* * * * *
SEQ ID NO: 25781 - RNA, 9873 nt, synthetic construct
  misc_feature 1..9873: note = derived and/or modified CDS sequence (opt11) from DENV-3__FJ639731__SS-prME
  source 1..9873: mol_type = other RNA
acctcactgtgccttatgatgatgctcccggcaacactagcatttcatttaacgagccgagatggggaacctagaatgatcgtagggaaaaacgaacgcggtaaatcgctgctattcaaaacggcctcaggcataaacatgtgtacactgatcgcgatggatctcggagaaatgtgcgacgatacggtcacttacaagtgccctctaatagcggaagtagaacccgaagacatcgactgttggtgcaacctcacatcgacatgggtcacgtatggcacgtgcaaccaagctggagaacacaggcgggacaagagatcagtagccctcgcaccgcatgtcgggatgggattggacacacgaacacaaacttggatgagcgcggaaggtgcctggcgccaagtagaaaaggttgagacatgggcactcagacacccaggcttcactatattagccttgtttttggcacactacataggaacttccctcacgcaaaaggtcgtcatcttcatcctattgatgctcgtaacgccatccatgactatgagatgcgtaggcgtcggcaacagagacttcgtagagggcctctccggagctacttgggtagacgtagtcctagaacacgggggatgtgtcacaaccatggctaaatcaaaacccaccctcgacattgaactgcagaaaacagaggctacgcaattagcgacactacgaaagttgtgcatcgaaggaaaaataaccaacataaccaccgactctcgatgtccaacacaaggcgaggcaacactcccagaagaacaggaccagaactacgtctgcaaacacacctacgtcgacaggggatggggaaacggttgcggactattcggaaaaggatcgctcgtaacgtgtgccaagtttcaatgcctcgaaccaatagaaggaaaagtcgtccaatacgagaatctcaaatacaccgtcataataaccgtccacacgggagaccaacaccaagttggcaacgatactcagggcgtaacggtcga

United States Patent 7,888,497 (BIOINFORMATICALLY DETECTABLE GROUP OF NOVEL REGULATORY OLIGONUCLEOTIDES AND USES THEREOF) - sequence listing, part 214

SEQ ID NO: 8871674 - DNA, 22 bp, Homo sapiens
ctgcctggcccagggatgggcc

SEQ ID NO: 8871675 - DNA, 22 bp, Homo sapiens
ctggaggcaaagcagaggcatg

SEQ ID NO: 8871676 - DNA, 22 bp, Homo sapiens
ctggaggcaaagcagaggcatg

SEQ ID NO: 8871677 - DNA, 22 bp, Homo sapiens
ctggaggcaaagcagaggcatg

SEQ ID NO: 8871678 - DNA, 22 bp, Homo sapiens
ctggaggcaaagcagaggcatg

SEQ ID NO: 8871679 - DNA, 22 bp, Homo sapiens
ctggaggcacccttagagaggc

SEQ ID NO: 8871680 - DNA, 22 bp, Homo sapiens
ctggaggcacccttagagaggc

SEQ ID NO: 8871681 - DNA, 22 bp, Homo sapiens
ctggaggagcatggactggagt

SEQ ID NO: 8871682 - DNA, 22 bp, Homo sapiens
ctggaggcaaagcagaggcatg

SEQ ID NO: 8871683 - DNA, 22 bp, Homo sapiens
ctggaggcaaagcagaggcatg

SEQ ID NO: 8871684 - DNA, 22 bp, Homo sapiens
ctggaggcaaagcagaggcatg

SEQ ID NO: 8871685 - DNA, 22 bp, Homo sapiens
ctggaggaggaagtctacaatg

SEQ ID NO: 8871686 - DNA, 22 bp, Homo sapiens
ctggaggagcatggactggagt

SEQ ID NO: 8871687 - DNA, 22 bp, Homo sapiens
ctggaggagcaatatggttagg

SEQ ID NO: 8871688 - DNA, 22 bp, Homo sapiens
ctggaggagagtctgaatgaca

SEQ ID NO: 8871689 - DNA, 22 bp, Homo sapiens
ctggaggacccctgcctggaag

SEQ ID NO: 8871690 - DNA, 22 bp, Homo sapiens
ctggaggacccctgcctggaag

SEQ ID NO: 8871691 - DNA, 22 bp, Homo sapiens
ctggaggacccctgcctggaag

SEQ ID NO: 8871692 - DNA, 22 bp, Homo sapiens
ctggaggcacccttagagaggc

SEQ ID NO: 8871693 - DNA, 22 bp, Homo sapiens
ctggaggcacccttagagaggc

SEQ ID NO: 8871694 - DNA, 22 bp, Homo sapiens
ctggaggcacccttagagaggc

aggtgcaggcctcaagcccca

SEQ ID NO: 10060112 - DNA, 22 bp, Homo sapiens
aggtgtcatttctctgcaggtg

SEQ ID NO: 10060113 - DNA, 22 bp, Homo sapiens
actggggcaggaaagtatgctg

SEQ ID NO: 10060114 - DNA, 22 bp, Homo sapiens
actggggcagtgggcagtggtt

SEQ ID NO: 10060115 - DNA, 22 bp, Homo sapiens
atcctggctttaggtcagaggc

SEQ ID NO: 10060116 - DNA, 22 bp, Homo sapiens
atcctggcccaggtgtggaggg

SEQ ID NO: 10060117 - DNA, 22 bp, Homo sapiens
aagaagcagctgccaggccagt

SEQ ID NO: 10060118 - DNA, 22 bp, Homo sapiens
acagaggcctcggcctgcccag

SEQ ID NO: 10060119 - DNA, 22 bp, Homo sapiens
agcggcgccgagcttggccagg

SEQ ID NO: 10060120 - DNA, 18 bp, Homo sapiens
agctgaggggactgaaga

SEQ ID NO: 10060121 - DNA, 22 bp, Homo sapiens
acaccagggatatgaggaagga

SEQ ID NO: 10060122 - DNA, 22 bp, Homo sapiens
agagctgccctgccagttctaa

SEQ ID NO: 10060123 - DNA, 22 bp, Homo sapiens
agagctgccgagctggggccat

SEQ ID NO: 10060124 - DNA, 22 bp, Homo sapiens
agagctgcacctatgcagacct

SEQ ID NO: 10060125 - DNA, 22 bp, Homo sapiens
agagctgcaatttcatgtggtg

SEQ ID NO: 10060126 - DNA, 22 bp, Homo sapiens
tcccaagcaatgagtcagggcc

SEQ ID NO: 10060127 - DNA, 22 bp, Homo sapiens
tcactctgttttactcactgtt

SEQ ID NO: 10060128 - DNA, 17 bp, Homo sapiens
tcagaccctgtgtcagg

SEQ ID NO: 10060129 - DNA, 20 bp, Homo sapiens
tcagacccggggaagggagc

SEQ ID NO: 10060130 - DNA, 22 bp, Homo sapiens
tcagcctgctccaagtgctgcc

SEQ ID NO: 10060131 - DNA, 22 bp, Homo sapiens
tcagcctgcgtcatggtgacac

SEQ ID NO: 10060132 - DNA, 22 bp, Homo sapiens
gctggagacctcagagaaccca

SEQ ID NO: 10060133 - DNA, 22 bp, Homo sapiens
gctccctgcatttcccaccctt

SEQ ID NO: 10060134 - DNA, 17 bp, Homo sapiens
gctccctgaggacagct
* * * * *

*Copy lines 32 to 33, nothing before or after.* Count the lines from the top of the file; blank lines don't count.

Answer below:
SEQ ID NO: 8871687 - DNA, 22 bp, Homo sapiens
ctggaggagcaatatggttagg